The Lilac tree in the back garden is spectacular but the blooms are 8 feet. this bush can be trimmed down to a height where blooms can be encouraged to grow all around the bush. Trimming this one needs careful consideration as this bush will set flowers in the growing season for next year. All flowering bushes should be trimmed after they flower. I take off all the old flower heads and remove the branches to the joint at which new branches will form.
Pruning is a necessity to encourage new growth and to get rid of old growth.
Gardens throughout the property often incorporate lots of colour and textures...and the occassional decoration in pots and in amongst the flowering beds. at the back and side of the house. Having all this colour through the growing season is soul inspiring.
Our lovely Peonies bloom in June above the geranium perennial, as does the Tiger Lily and the dwarf lilac. So much colour to welcome in the summer months this week.
The front beds as well as one in the back showcase a few squash and melon plants... what survived multiple attacks by squirrels and chipmunks!!! Only one watermelon plant survived the onslaught of a naughty chipmunk that easily made its way through the square fencing in our original garden. Now with the Vibunum bush cut right back, the sun is able to shine into this small patch to provide the necessities for the squash, sunflowers, chive and lettuce that a few of which have sprouted from last year's seeds, including tomato plants. I removed most of the small tomato plants which will not produce in the short growing season.
Urban Garden Pics
Tomato plants are filling in so fast and look at all the blooms!!!!
The lettuce patch with spinach, Swiss Chard and lettuce
Last night I sat on my porch reading emails and enjoying a steeped cup of tea using the camomile blooms and Lemon Balm. They are both growing so well. I just picked the Lemon Balm leaves (planted in the squash bed as a companion plant) and ripped them up and then added the flowers. I purchased a lovely ceramic tea mug with a large open screen perfect for steeping tea.... It was a lovely way to end a hot and muggy day in the garden. Remember to use your herbs by making teas or adding to your salads.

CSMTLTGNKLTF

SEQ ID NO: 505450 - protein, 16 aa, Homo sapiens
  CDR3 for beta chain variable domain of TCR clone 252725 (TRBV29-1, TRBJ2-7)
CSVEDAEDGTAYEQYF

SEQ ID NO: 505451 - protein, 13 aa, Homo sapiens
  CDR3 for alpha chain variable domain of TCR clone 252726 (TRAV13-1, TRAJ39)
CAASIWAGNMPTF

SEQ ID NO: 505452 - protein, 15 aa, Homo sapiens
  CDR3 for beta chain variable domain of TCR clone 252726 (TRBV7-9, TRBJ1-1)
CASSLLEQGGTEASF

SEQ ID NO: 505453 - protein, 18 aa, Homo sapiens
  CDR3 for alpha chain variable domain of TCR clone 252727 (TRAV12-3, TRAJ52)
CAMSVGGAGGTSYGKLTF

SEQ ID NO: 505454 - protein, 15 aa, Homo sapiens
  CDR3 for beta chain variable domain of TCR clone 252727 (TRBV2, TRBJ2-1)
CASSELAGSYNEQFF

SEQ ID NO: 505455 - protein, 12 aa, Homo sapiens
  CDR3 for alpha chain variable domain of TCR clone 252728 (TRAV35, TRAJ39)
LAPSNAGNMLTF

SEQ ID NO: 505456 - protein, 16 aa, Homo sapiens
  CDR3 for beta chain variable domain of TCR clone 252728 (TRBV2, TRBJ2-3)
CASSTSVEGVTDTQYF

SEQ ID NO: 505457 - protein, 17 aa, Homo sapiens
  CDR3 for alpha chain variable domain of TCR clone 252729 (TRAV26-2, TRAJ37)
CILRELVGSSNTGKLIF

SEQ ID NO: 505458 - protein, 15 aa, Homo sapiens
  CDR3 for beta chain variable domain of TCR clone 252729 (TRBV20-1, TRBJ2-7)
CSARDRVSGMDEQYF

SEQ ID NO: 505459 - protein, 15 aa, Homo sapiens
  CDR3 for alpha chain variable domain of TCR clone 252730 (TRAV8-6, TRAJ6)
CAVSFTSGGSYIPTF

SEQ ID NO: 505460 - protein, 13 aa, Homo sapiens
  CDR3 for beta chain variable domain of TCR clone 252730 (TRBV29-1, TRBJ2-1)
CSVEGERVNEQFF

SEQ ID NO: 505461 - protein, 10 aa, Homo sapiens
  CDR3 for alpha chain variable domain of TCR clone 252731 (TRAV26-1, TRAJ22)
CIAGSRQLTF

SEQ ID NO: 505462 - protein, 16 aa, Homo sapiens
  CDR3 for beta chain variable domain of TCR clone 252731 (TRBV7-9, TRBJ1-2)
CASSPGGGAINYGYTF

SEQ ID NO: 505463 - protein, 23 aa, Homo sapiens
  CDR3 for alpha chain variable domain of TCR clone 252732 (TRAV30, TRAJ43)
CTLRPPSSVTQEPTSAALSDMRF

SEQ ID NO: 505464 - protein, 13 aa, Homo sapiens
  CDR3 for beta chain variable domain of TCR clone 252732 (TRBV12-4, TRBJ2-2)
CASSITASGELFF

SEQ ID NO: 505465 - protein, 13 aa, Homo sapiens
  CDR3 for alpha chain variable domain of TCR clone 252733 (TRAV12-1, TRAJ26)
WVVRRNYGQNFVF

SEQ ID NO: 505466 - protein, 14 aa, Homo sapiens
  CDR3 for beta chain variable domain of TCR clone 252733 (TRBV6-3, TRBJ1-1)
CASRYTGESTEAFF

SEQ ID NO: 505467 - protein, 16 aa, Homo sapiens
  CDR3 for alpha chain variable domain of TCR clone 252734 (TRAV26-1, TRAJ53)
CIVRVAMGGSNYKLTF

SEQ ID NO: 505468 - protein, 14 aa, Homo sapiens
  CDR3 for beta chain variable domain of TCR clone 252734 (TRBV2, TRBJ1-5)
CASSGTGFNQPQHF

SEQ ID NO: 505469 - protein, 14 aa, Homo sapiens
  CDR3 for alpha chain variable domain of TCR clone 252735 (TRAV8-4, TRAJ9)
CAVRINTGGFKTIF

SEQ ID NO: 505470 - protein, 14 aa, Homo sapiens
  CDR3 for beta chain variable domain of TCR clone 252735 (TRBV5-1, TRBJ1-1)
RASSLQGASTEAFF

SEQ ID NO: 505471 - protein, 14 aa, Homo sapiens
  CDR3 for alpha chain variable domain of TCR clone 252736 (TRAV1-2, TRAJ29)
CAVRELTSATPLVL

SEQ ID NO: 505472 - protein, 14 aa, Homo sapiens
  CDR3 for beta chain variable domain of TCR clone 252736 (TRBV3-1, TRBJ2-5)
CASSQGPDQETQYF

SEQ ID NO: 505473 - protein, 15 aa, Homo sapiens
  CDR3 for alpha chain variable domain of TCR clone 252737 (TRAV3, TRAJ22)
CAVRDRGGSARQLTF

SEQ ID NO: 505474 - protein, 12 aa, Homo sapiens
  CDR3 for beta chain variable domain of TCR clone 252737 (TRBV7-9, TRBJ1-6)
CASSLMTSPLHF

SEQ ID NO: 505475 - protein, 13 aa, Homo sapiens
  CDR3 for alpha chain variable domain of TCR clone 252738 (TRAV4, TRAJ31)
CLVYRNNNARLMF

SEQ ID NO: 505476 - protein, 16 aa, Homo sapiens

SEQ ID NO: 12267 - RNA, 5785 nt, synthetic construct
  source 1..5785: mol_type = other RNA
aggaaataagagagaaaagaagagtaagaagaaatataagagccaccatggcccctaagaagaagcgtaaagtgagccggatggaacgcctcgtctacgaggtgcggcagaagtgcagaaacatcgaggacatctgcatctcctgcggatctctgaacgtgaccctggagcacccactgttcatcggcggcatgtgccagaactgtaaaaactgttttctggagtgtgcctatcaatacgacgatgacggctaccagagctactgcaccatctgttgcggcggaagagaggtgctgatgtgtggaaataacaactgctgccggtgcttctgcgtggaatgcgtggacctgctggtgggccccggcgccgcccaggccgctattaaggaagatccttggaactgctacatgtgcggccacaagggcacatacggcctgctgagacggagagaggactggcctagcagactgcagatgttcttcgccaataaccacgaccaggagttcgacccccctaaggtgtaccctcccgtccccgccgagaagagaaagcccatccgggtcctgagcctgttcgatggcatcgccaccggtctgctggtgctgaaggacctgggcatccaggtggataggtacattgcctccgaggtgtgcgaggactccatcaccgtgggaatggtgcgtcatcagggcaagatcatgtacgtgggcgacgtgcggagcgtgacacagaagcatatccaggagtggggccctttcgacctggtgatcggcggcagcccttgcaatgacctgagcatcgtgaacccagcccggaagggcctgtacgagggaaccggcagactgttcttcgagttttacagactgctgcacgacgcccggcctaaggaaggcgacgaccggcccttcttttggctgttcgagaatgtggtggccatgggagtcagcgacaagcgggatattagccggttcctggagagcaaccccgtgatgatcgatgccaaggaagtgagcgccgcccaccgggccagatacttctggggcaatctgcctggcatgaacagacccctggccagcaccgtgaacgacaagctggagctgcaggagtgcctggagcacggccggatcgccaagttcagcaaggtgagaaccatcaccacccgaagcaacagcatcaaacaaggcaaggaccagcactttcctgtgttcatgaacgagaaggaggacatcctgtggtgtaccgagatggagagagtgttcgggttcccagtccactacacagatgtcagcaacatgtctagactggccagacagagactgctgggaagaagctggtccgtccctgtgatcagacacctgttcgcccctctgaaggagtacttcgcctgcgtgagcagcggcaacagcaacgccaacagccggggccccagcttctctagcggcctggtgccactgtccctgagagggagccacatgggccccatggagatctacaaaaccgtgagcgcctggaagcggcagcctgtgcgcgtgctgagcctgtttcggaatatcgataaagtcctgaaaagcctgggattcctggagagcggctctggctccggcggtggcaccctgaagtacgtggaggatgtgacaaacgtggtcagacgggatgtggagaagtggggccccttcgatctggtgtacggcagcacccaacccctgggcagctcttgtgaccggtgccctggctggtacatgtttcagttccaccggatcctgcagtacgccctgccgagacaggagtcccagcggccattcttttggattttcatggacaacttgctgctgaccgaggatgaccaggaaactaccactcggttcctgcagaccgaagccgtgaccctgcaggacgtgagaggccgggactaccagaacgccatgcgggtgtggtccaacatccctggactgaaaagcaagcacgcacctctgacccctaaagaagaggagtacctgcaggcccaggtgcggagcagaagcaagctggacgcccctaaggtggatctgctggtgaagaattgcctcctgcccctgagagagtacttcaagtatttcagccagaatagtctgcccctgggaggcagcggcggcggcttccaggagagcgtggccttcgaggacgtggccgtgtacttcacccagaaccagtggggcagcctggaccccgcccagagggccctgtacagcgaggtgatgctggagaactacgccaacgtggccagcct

I love to juice fresh Swiss Chard and Kale. There is nothing better than the sound of fresh picked greens and I have to say, the greens in the garden are not bitter at all. The grocery store purchases pale in comparison with the beautiful green and the crisp texture of a plant picked in its prime. I juice together the following in the morning. This is my breakfast....
Swiss Chard - 8 big leaves (pick the outer leaves of the plant - these are bigger and older and allows the plant to produce more.
Kale - snap off a handful of Kale - again, choose the outer leaves of the plant. You can continue to pick these throughout the growing season
Apple - any apple will do.... Sparta apples have a nice scent and add a flowery taste to the mix.
Carrots - two of these add just the right sweetness (can't wait for my crop to be ready)
Beet - when available. Currently I am eating the beets that I am thinning out of the garden and using the leaves in the juice.
lemon - just a little lemon goes a long way and keeps this mix at a healthy ph level
ginger root - I keep the ginger root in the freezer and then rasp a small amount into my juice.
Barley greens - just in case I didn't get enough greens (smirk), I will mix in 3 tablespoons of greens.
This is a healthy way to cleanse your body every day.... detoxify and feed each cell with proper nutrition.
That's it for this week..... see you next week with more recipes and pics of how our garden grows in the Urban city. We will also talk about composting and tips to keep the fruit flies away. We will also look at planting for the birds - feed them without buying expensive feeders and bags of food - Finches, Cardinals and Hummingbirds are just a few that visit our garden. Also look at flowers that attract butterflies and bees!!!